What is VMC in Aviation? (Minimum Control Speed With Critical Engine Out)

Aviation is a complex field that requires detailed knowledge of various terminologies and procedures. One such important term is the Minimum Control Speed with Critical Engine Out, commonly known as VMC. VMC is a crucial value for pilots to know and understand, as it directly impacts the safe operation of an aircraft in the event of an engine failure. In this article, we will delve deeper into what VMC is, how it is calculated, and its significance in aviation.

Understanding Minimum Control Speed with Critical Engine Out (VMC)

The Minimum Control Speed with Critical Engine Out (VMC) is defined as the minimum speed at which an aircraft can maintain controlled flight, with the critical engine inoperative, and the aircraft’s remaining engines operating at their maximum available thrust. It represents the boundary between controllability and loss of control.

VMC depends on various factors, including aircraft weight, configuration, atmospheric conditions, and altitude. It is typically lower at lower altitudes due to the denser air, allowing for better control, while higher altitudes may require higher VMC values.

Pilots must be aware of VMC to ensure the safe operation of an aircraft in case of an engine failure during takeoff or low altitude flight. Crossing below VMC in such scenarios can lead to uncontrollable yaw and roll, potentially resulting in a loss of control. Therefore, it is essential for pilots to have a thorough understanding of VMC and its implications on aircraft performance and safety.

Calculating VMC

The calculation of VMC involves several factors. One primary factor is the Center of Gravity (CG) position of the aircraft. VMC is typically higher when the CG is closer to the rear limit, as this configuration causes more adverse yaw.

Other factors influencing VMC include the selected configuration of the aircraft (gear and flaps), power settings, and prevailing environmental conditions such as temperature and pressure altitude.

Several aircraft manufacturers provide VMC charts specific to their aircraft models, which pilots can reference for accurate calculations. These charts consider the aforementioned factors and provide the corresponding VMC values for different weights and configurations.

It is important to note that VMC is specific to each aircraft type and should be recalculated for any changes in weight, configuration, or prevailing conditions. Pilots must consult their aircraft’s operating manual or refer to the manufacturer’s documentation for precise VMC values relevant to their particular aircraft.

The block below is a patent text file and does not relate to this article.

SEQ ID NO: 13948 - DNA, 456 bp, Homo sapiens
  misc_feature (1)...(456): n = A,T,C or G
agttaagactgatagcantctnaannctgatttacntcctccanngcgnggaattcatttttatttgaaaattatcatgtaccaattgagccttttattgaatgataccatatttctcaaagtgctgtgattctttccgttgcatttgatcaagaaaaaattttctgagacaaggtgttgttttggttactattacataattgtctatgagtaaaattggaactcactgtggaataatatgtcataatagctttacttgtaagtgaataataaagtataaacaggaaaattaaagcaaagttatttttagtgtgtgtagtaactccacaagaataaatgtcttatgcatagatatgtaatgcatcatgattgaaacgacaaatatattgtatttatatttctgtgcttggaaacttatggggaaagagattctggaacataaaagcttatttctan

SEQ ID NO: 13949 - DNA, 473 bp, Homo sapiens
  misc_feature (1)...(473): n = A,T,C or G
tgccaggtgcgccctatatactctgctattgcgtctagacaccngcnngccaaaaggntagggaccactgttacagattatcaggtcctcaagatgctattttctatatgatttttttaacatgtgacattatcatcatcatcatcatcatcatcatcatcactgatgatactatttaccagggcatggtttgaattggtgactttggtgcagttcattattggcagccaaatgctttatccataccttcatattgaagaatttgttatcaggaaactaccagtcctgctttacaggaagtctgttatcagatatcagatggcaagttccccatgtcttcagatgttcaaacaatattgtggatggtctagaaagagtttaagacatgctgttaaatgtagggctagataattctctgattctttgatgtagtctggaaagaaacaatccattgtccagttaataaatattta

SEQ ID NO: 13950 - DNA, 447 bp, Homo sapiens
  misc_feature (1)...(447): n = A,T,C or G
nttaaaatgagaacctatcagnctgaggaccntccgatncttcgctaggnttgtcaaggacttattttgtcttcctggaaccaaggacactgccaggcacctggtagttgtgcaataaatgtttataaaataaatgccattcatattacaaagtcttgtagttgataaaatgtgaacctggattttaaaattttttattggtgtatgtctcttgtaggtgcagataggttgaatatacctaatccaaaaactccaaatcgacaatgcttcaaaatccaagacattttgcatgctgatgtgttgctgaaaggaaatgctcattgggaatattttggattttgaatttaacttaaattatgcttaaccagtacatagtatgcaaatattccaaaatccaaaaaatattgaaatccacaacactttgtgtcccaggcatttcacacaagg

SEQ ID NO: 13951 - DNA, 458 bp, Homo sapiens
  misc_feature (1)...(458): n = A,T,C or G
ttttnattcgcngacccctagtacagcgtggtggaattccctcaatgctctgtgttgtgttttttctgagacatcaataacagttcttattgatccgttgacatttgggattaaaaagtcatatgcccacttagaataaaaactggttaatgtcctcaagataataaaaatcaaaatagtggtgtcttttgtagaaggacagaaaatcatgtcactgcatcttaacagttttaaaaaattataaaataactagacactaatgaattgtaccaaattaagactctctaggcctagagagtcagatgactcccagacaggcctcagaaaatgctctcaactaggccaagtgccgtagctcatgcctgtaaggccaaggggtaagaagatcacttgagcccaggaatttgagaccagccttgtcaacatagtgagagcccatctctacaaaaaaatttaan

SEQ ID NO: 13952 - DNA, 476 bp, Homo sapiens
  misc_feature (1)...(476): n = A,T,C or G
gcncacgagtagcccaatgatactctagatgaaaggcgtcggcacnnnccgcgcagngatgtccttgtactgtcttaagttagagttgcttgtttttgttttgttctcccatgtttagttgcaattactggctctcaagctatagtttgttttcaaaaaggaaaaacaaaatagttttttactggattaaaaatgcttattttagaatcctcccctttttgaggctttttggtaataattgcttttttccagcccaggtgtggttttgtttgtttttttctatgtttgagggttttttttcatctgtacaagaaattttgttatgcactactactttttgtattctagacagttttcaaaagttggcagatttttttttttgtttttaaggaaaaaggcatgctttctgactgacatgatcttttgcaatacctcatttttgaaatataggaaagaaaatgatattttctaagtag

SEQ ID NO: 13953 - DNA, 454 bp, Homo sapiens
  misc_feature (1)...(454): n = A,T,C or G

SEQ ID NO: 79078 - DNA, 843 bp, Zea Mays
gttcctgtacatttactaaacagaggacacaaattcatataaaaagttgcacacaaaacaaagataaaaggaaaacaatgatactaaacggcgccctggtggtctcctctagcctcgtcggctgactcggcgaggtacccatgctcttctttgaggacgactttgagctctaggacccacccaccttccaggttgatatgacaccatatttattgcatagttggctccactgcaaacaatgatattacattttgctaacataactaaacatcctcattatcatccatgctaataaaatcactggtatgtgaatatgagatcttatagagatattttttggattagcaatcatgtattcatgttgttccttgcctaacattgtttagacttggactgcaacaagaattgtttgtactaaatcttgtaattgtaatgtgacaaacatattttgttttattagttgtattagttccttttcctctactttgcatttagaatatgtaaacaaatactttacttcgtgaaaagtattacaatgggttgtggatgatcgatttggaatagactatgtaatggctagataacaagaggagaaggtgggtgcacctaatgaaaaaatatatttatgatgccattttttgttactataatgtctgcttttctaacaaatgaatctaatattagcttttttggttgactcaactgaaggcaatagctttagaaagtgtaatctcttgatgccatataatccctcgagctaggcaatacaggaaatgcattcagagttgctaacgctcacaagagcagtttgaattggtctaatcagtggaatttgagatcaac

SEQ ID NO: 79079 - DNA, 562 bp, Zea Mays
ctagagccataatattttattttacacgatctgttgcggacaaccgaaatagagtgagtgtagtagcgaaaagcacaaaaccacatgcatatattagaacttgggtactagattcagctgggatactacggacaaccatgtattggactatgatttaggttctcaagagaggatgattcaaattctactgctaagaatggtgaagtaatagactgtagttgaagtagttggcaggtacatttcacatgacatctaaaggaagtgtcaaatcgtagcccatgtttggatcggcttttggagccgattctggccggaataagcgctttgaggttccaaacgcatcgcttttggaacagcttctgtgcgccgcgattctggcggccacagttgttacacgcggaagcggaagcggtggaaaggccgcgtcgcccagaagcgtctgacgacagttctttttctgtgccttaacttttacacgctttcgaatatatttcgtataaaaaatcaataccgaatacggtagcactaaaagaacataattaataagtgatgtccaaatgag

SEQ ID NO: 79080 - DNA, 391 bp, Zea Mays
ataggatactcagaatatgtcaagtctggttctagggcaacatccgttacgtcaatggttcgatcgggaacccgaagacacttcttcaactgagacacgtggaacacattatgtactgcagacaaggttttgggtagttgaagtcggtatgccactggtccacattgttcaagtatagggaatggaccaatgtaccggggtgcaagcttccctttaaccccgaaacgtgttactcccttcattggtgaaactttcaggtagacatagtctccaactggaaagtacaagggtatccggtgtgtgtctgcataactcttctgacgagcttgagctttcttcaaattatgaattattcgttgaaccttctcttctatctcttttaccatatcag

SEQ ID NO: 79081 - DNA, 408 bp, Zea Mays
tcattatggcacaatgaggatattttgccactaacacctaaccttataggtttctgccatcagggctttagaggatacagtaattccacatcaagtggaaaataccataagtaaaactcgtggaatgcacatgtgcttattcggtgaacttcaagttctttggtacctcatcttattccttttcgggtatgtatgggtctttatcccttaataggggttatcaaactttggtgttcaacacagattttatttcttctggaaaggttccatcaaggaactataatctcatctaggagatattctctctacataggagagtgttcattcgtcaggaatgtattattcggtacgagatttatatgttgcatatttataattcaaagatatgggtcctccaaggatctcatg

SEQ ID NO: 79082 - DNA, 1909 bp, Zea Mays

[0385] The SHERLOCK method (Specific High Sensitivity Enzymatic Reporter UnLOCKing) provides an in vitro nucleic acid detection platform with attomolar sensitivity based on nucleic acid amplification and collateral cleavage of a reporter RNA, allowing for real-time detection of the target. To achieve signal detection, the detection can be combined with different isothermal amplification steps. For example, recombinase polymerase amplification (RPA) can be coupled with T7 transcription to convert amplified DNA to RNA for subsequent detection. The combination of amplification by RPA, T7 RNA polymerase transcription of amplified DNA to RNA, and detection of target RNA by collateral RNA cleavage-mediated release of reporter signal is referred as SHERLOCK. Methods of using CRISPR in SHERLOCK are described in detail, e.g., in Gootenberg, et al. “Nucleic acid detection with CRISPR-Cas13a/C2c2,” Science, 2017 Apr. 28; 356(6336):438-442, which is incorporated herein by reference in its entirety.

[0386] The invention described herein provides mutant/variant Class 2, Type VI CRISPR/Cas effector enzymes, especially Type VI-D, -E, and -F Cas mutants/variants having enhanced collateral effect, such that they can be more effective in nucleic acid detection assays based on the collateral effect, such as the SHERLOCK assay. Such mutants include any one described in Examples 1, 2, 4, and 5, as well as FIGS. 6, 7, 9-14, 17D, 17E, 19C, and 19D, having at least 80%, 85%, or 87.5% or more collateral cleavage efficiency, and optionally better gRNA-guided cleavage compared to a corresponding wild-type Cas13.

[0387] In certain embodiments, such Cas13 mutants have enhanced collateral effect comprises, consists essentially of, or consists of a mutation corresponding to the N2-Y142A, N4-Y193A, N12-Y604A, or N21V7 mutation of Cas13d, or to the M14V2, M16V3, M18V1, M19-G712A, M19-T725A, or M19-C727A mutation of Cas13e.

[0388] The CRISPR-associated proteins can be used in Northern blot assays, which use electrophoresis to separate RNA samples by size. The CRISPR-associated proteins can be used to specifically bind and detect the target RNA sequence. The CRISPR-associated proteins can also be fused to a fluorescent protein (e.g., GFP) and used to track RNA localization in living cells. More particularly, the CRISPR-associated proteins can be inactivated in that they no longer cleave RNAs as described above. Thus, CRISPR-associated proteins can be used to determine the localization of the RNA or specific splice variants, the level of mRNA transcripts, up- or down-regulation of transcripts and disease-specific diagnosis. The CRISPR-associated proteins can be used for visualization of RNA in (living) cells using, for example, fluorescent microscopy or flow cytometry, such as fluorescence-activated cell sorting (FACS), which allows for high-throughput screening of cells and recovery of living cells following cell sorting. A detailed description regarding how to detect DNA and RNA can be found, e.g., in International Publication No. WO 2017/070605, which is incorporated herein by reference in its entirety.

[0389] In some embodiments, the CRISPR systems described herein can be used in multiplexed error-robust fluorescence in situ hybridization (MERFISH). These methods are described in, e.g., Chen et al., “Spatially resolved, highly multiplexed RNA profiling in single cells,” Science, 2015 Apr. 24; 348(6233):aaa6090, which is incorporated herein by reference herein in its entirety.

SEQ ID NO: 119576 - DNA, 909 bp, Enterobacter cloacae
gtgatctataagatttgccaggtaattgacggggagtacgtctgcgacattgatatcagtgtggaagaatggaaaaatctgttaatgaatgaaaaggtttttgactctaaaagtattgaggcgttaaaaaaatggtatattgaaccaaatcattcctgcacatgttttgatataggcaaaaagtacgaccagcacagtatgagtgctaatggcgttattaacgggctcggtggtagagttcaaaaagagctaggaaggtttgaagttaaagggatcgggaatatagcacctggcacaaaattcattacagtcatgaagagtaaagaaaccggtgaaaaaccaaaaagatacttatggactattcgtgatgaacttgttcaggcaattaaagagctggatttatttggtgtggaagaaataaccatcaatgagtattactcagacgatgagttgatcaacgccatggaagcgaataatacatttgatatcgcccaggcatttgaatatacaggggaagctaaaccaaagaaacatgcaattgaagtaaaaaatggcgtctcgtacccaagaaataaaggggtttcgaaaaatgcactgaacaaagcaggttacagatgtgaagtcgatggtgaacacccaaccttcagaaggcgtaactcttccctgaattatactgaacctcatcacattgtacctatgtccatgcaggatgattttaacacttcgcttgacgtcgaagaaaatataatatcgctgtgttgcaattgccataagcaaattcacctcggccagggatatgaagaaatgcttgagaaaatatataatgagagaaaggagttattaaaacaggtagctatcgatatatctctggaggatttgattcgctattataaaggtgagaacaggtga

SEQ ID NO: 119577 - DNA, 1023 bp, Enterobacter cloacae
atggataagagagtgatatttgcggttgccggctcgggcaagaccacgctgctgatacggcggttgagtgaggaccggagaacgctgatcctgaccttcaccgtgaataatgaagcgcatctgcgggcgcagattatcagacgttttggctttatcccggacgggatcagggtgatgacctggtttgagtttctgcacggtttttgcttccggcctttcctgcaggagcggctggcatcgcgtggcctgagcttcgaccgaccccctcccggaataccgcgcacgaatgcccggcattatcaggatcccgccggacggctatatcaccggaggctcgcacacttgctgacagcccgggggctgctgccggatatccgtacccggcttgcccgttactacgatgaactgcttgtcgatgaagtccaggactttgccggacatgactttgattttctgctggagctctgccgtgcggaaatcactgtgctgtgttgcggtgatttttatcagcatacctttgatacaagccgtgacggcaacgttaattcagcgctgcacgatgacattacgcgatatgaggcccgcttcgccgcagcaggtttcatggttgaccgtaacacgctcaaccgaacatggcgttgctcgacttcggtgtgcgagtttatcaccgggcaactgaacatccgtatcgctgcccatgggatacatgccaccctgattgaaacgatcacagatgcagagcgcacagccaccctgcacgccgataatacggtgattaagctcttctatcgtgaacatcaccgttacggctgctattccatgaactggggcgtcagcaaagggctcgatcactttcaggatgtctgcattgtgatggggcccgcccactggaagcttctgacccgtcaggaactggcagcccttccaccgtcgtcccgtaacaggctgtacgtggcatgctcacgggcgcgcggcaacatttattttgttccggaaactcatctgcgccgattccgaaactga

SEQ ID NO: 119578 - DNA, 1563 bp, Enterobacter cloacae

The Significance of Minimum Control Speed with Critical Engine Out

VMC plays a critical role in determining the aircraft’s performance and safety in the event of an engine failure. It is a key parameter that directly affects the aircraft’s controllability and the pilot’s ability to maintain control during critical phases of flight.

Knowing the VMC for a specific aircraft allows pilots to make informed decisions during takeoff, approach, and landing, considering the risks associated with an engine failure. It helps them maintain control of the aircraft at or above VMC, reducing the likelihood of entering an uncontrollable situation.

Furthermore, VMC also influences the selection of the appropriate bank angle during an engine failure. Pilots must ensure they maintain a bank angle within the manufacturer’s guidelines to prevent rolling due to asymmetrical thrust.

By understanding VMC and its significance, pilots can better prepare themselves for potential engine failure situations and take the necessary actions to maintain control, enhancing overall flight safety.


The Minimum Control Speed with Critical Engine Out (VMC) is a crucial value in aviation that determines the aircraft’s ability to maintain control in the event of an engine failure. Pilots should always be aware of the VMC specific to their aircraft to ensure the safe operation of the aircraft, especially during takeoff, approach, and landing.

By calculating VMC accurately and considering the factors that influence it, pilots can make informed decisions and take the necessary actions to minimize the risks associated with engine failures. VMC serves as a vital reference point for maintaining control and preventing the onset of uncontrollable yaw and roll.

It is crucial for pilots to stay up-to-date with their aircraft’s operating manual and the manufacturer’s documentation to obtain the precise VMC values relevant to their specific aircraft. By doing so, pilots contribute to the overall safety and efficiency of aviation operations.

For More: What is IFE in Aviation? (In-Flight Entertainment)